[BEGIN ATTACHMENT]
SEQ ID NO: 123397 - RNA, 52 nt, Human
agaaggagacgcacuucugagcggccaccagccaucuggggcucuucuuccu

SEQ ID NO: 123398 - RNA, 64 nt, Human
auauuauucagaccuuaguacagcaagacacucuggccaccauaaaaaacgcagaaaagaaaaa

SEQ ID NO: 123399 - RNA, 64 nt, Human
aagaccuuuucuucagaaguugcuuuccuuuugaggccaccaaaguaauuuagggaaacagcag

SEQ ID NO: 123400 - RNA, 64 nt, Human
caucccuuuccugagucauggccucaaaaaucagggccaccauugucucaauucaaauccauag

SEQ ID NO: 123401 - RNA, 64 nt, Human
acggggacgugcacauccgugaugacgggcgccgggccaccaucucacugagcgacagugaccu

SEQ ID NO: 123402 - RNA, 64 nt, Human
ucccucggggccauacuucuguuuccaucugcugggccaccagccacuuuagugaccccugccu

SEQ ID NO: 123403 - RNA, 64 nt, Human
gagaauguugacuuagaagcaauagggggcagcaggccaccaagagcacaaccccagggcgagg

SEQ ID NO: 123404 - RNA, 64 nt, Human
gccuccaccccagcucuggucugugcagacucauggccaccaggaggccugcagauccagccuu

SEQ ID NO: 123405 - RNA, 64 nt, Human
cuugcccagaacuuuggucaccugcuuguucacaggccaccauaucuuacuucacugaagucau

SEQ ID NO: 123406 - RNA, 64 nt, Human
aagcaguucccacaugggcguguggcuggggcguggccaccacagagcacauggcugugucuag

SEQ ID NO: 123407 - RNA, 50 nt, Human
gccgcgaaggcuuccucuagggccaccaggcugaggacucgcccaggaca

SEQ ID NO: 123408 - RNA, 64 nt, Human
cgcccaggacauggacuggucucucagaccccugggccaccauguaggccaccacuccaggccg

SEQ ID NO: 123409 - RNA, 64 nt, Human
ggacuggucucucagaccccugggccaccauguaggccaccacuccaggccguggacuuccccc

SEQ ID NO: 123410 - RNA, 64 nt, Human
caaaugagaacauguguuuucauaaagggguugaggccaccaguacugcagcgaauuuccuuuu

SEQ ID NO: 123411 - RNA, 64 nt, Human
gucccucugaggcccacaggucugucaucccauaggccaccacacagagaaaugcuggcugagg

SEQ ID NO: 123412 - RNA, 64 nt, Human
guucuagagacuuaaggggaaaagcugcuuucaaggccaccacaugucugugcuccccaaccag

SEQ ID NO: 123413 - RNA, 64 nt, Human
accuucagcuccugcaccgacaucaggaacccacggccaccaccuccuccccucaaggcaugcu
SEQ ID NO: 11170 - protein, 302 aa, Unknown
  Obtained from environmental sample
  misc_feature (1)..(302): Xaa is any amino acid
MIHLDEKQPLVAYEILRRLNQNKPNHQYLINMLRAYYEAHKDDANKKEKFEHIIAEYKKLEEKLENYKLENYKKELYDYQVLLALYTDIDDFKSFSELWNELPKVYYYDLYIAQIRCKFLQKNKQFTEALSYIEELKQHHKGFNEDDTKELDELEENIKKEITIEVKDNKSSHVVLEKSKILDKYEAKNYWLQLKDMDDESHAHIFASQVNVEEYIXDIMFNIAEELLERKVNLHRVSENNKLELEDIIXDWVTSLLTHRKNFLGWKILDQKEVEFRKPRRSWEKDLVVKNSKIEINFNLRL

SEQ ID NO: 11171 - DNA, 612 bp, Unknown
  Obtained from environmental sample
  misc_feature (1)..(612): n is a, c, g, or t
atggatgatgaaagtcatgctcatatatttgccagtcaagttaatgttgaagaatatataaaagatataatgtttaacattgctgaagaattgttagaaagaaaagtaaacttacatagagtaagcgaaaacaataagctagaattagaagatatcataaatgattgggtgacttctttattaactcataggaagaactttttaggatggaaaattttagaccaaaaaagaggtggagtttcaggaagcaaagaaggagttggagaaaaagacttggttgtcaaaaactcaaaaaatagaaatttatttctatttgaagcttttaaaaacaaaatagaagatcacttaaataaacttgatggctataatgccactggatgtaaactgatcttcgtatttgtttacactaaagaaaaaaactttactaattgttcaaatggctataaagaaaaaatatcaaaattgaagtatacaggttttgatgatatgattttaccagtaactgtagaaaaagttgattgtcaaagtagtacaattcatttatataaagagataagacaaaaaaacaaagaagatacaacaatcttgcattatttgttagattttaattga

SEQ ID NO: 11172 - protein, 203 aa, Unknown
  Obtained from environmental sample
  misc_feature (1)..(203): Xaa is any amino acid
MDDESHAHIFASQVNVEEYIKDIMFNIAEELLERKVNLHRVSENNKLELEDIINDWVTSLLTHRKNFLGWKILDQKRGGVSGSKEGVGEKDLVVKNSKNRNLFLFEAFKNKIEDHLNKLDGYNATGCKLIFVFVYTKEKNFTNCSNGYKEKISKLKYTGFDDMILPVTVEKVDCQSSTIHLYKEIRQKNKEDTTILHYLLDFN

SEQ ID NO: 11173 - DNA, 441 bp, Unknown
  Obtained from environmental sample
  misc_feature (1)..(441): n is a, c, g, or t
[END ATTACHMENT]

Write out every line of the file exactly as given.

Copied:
SEQ ID NO: 123397 - RNA, 52 nt, Human
agaaggagacgcacuucugagcggccaccagccaucuggggcucuucuuccu

SEQ ID NO: 123398 - RNA, 64 nt, Human
auauuauucagaccuuaguacagcaagacacucuggccaccauaaaaaacgcagaaaagaaaaa

SEQ ID NO: 123399 - RNA, 64 nt, Human
aagaccuuuucuucagaaguugcuuuccuuuugaggccaccaaaguaauuuagggaaacagcag

SEQ ID NO: 123400 - RNA, 64 nt, Human
caucccuuuccugagucauggccucaaaaaucagggccaccauugucucaauucaaauccauag

SEQ ID NO: 123401 - RNA, 64 nt, Human
acggggacgugcacauccgugaugacgggcgccgggccaccaucucacugagcgacagugaccu

SEQ ID NO: 123402 - RNA, 64 nt, Human
ucccucggggccauacuucuguuuccaucugcugggccaccagccacuuuagugaccccugccu

SEQ ID NO: 123403 - RNA, 64 nt, Human
gagaauguugacuuagaagcaauagggggcagcaggccaccaagagcacaaccccagggcgagg

SEQ ID NO: 123404 - RNA, 64 nt, Human
gccuccaccccagcucuggucugugcagacucauggccaccaggaggccugcagauccagccuu

SEQ ID NO: 123405 - RNA, 64 nt, Human
cuugcccagaacuuuggucaccugcuuguucacaggccaccauaucuuacuucacugaagucau

SEQ ID NO: 123406 - RNA, 64 nt, Human
aagcaguucccacaugggcguguggcuggggcguggccaccacagagcacauggcugugucuag

SEQ ID NO: 123407 - RNA, 50 nt, Human
gccgcgaaggcuuccucuagggccaccaggcugaggacucgcccaggaca

SEQ ID NO: 123408 - RNA, 64 nt, Human
cgcccaggacauggacuggucucucagaccccugggccaccauguaggccaccacuccaggccg

SEQ ID NO: 123409 - RNA, 64 nt, Human
ggacuggucucucagaccccugggccaccauguaggccaccacuccaggccguggacuuccccc

SEQ ID NO: 123410 - RNA, 64 nt, Human
caaaugagaacauguguuuucauaaagggguugaggccaccaguacugcagcgaauuuccuuuu

SEQ ID NO: 123411 - RNA, 64 nt, Human
gucccucugaggcccacaggucugucaucccauaggccaccacacagagaaaugcuggcugagg

SEQ ID NO: 123412 - RNA, 64 nt, Human
guucuagagacuuaaggggaaaagcugcuuucaaggccaccacaugucugugcuccccaaccag

SEQ ID NO: 123413 - RNA, 64 nt, Human
accuucagcuccugcaccgacaucaggaacccacggccaccaccuccuccccucaaggcaugcu
SEQ ID NO: 11170 - protein, 302 aa, Unknown
  Obtained from environmental sample
  misc_feature (1)..(302): Xaa is any amino acid
MIHLDEKQPLVAYEILRRLNQNKPNHQYLINMLRAYYEAHKDDANKKEKFEHIIAEYKKLEEKLENYKLENYKKELYDYQVLLALYTDIDDFKSFSELWNELPKVYYYDLYIAQIRCKFLQKNKQFTEALSYIEELKQHHKGFNEDDTKELDELEENIKKEITIEVKDNKSSHVVLEKSKILDKYEAKNYWLQLKDMDDESHAHIFASQVNVEEYIXDIMFNIAEELLERKVNLHRVSENNKLELEDIIXDWVTSLLTHRKNFLGWKILDQKEVEFRKPRRSWEKDLVVKNSKIEINFNLRL

SEQ ID NO: 11171 - DNA, 612 bp, Unknown
  Obtained from environmental sample
  misc_feature (1)..(612): n is a, c, g, or t
atggatgatgaaagtcatgctcatatatttgccagtcaagttaatgttgaagaatatataaaagatataatgtttaacattgctgaagaattgttagaaagaaaagtaaacttacatagagtaagcgaaaacaataagctagaattagaagatatcataaatgattgggtgacttctttattaactcataggaagaactttttaggatggaaaattttagaccaaaaaagaggtggagtttcaggaagcaaagaaggagttggagaaaaagacttggttgtcaaaaactcaaaaaatagaaatttatttctatttgaagcttttaaaaacaaaatagaagatcacttaaataaacttgatggctataatgccactggatgtaaactgatcttcgtatttgtttacactaaagaaaaaaactttactaattgttcaaatggctataaagaaaaaatatcaaaattgaagtatacaggttttgatgatatgattttaccagtaactgtagaaaaagttgattgtcaaagtagtacaattcatttatataaagagataagacaaaaaaacaaagaagatacaacaatcttgcattatttgttagattttaattga

SEQ ID NO: 11172 - protein, 203 aa, Unknown
  Obtained from environmental sample
  misc_feature (1)..(203): Xaa is any amino acid
MDDESHAHIFASQVNVEEYIKDIMFNIAEELLERKVNLHRVSENNKLELEDIINDWVTSLLTHRKNFLGWKILDQKRGGVSGSKEGVGEKDLVVKNSKNRNLFLFEAFKNKIEDHLNKLDGYNATGCKLIFVFVYTKEKNFTNCSNGYKEKISKLKYTGFDDMILPVTVEKVDCQSSTIHLYKEIRQKNKEDTTILHYLLDFN

SEQ ID NO: 11173 - DNA, 441 bp, Unknown
  Obtained from environmental sample
  misc_feature (1)..(441): n is a, c, g, or t